Report on the Interception of the Costa Rican Longliner Kendy

The Farley Mowat first located the vessel on radar moving at 7 knots south between the islands of Darwin and Wolf.

The Farley Mowat intercepted the Kendy at 1803 Hours at 1 Degree 33 Minutes and 401 Seconds North, and 92 Degrees 2 minutes and 424 Seconds West.

The Farley Mowat radioed to the Kendy to stop. The Kendy complied. The ship was identified as a Costa Rican vessel registered in Puntarenas, Costa Rica with the fishing number of P4955. The vessel was clearly identified as Costa Rican with the Costa Rican flag on the top of the wheelhouse, and Costa Rican colors on a stripe on both the port and starboard hull. The port of registry was clearly identified. The ship had a large flock of birds around it.

First Mate, Alex Cornelissen, observed a line in the water, and he observed a Kendy crewmember cutting the line. Captain Watson asked if the cutting was filmed and the cameraman said that he believed that he caught it but was not sure.

After informing the Galapagos National Park, the Farley Mowat remained alongside the Kendy to await the arrival of an official Park boat.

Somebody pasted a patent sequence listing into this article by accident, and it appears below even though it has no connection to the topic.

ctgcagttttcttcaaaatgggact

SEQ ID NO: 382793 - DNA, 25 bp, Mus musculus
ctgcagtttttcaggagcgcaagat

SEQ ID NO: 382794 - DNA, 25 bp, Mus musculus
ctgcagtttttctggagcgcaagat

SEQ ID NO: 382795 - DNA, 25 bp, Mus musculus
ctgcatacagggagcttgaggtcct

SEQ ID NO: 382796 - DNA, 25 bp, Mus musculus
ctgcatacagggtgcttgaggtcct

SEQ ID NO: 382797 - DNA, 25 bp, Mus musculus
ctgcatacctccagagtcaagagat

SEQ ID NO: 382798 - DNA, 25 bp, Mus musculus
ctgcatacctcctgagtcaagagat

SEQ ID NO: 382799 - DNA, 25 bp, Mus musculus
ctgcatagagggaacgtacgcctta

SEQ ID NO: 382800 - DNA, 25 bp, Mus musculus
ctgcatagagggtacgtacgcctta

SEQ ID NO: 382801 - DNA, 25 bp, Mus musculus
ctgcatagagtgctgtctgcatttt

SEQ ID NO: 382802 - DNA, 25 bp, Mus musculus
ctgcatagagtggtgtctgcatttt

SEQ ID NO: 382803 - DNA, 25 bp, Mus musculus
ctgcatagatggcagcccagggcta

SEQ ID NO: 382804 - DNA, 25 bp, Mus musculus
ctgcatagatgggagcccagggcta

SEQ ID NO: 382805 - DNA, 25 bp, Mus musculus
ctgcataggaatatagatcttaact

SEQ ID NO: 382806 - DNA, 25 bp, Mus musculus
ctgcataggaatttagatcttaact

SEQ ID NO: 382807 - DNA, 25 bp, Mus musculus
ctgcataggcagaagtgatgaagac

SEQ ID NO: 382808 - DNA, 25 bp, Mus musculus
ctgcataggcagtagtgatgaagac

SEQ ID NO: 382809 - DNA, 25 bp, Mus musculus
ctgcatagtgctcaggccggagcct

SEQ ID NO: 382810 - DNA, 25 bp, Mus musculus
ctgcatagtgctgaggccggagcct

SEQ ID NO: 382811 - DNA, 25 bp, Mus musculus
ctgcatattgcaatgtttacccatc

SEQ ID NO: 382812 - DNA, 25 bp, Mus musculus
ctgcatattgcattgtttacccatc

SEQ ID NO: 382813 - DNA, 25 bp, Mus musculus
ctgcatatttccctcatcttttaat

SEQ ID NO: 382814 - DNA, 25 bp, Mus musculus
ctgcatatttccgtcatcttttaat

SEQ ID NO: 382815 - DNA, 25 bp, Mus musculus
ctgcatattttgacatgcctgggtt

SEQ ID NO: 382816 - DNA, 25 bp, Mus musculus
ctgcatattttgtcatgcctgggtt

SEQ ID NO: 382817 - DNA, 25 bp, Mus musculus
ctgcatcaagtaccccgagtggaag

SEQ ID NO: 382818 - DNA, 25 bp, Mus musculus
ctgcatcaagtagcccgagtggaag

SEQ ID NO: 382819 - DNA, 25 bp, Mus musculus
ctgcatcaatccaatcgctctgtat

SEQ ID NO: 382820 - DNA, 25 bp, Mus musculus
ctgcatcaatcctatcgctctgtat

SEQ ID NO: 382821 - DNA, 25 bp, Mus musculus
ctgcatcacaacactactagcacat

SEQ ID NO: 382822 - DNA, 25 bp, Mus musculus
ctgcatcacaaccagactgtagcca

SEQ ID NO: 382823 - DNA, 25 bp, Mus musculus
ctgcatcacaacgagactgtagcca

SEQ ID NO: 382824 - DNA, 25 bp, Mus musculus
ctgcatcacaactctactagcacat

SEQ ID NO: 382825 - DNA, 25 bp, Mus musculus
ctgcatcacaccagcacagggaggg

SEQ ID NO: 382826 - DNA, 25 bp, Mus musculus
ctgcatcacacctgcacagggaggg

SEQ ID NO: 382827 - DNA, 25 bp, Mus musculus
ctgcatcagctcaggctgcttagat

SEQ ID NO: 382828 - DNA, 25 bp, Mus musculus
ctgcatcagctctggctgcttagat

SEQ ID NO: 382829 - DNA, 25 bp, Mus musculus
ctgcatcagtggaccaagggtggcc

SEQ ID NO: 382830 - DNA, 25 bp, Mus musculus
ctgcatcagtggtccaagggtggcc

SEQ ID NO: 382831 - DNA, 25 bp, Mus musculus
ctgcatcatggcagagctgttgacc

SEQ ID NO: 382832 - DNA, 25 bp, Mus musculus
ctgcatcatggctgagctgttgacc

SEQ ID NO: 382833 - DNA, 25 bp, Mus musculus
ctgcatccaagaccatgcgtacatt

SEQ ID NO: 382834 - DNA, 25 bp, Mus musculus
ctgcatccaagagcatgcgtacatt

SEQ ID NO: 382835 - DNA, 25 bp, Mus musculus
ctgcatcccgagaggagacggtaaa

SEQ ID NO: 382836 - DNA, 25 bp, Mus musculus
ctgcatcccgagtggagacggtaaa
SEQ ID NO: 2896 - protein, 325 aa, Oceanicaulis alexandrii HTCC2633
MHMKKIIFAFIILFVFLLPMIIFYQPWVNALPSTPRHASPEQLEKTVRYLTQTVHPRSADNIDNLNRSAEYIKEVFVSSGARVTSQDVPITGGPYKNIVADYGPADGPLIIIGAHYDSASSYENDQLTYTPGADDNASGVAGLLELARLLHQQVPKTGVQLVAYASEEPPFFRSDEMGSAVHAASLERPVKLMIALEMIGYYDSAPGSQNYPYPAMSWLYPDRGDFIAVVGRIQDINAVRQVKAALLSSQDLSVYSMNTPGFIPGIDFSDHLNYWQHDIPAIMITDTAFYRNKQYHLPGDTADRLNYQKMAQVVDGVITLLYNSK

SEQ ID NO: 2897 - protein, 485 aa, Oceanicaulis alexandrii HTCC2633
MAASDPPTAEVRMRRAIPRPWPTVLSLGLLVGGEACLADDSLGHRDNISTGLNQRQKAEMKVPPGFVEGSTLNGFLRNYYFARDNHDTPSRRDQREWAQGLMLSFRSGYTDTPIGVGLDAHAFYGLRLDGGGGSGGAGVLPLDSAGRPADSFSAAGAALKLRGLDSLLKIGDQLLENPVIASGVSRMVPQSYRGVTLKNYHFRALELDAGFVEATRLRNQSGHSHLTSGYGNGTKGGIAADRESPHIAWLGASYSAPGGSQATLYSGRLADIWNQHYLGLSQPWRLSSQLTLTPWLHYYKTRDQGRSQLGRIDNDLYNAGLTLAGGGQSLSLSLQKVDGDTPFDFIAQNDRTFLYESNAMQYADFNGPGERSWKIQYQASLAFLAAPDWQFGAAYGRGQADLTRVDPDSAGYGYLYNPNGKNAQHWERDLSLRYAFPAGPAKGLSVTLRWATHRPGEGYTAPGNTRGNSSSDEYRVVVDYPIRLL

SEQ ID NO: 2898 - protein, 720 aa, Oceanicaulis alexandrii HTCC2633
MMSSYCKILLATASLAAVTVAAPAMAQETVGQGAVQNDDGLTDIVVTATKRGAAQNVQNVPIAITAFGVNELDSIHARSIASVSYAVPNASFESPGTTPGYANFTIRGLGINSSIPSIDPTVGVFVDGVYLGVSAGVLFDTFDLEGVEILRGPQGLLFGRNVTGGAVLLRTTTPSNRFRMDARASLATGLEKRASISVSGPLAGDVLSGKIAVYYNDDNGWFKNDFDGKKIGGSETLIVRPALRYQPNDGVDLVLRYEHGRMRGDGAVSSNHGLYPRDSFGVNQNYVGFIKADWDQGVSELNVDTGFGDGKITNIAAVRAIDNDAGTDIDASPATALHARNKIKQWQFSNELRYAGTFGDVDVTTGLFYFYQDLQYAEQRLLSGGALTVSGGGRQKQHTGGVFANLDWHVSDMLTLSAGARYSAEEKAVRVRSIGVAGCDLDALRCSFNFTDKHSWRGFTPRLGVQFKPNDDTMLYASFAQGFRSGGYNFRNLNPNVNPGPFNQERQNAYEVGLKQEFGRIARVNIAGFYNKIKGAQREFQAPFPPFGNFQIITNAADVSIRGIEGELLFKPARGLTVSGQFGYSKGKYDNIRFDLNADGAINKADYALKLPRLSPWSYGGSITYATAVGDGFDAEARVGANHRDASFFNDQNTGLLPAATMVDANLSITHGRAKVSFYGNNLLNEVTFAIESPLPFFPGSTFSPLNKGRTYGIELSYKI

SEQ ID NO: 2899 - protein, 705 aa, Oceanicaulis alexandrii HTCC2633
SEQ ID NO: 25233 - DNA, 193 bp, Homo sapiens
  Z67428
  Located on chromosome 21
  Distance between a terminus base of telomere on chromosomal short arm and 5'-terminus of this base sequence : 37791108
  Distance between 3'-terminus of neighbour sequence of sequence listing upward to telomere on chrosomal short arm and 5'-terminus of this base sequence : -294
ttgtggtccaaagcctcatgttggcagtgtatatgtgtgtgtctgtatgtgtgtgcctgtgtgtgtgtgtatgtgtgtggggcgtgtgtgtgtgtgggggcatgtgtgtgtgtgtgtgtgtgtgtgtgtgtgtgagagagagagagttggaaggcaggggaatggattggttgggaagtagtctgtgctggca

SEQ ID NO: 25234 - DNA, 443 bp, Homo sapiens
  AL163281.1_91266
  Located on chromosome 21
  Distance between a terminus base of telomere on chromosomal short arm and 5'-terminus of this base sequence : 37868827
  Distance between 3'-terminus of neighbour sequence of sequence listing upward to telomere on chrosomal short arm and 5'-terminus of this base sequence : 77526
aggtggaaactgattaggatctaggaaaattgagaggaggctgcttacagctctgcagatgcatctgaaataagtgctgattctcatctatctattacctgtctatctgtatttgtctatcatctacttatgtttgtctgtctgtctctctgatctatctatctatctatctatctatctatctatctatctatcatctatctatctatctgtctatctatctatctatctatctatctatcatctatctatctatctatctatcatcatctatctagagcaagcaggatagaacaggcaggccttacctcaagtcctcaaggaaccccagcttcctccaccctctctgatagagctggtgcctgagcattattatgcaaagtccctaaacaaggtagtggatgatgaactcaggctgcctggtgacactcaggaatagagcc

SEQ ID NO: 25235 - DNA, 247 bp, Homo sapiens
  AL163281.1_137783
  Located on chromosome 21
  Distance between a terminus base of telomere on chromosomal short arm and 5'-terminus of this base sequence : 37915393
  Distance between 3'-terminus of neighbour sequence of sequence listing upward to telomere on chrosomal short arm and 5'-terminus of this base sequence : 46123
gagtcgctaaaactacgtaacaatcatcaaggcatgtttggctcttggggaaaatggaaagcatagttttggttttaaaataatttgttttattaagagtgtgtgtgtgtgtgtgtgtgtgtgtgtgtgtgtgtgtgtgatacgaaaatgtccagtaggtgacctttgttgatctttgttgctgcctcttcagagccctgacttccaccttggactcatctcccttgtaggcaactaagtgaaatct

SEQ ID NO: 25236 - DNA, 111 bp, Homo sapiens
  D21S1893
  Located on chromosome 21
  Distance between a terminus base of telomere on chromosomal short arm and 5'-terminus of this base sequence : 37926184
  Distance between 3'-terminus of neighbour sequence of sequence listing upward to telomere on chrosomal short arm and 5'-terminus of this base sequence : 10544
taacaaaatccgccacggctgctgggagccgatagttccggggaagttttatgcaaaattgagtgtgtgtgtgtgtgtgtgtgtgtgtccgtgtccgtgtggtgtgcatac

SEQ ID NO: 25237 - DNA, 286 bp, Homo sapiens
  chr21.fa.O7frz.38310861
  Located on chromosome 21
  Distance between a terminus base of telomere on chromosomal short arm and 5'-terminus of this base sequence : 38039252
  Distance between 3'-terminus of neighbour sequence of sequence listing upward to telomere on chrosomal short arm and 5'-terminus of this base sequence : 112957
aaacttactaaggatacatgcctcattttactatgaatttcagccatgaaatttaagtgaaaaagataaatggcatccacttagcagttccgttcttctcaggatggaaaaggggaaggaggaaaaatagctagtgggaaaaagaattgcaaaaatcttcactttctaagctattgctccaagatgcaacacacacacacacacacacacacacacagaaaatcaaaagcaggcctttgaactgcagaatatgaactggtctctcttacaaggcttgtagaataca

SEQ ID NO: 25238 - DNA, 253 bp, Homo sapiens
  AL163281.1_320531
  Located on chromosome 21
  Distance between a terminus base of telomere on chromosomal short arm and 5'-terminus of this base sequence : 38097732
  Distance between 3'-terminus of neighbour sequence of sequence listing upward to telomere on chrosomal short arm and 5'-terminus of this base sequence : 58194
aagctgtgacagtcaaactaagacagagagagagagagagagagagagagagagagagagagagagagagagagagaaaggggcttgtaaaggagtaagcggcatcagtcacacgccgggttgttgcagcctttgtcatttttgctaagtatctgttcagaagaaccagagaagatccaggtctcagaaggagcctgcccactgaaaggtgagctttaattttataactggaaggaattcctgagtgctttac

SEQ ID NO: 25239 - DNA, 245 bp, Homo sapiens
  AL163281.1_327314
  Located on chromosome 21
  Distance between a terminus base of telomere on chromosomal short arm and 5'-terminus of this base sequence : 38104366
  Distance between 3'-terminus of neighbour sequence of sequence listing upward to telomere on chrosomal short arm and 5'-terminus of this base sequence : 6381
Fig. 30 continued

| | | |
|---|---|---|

At 2140 Hours, the Kendy turned off all lights and ran in the dark. It left a small light in the water to attempt to confuse the Farley Mowat hoping that it would indicate they were still in the same position. We were able to track their movements on radar quickly and pursued. The Farley Mowat fired four flares during the pursuit to illuminate the water. The Kendy agreed to stop and did so at 2213 Hours.

During this pursuit there was a large flock of birds following and diving on the Kendy. Captain Watson was concerned that the Kendy was dumping fish and/or shark fins.

The Kendy stayed alongside the Farley Mowat until 1000 Hours on June 11th when the Sirenian arrived to board and inspect the Costa Rican vessel. The Farley Mowat assisted in the boarding by providing a zodiac to transfer the rangers and marines to the Kendy.

No fish were found on the Kendy although the evidence of blood stained broken ice indicated that fish had recently been present.

Without the authority to board the Kendy, we were not able to initially inspect for fish or shark fins. This gave the Kendy a large window of opportunity to dump their catch. Captain Watson believes they did so during the half hour they ran dark on the evening of June 10.

The Kendy was escorted towards Baltra by the Sirenian with a Park ranger and a marine onboard. The Farley Mowat remains in the area.

Captain Paul Watson


Costa Rican Longliner Kendy

see related article: Sea Shepherd Seizes Costa Rican Longliner in Galapagos Marine Reserve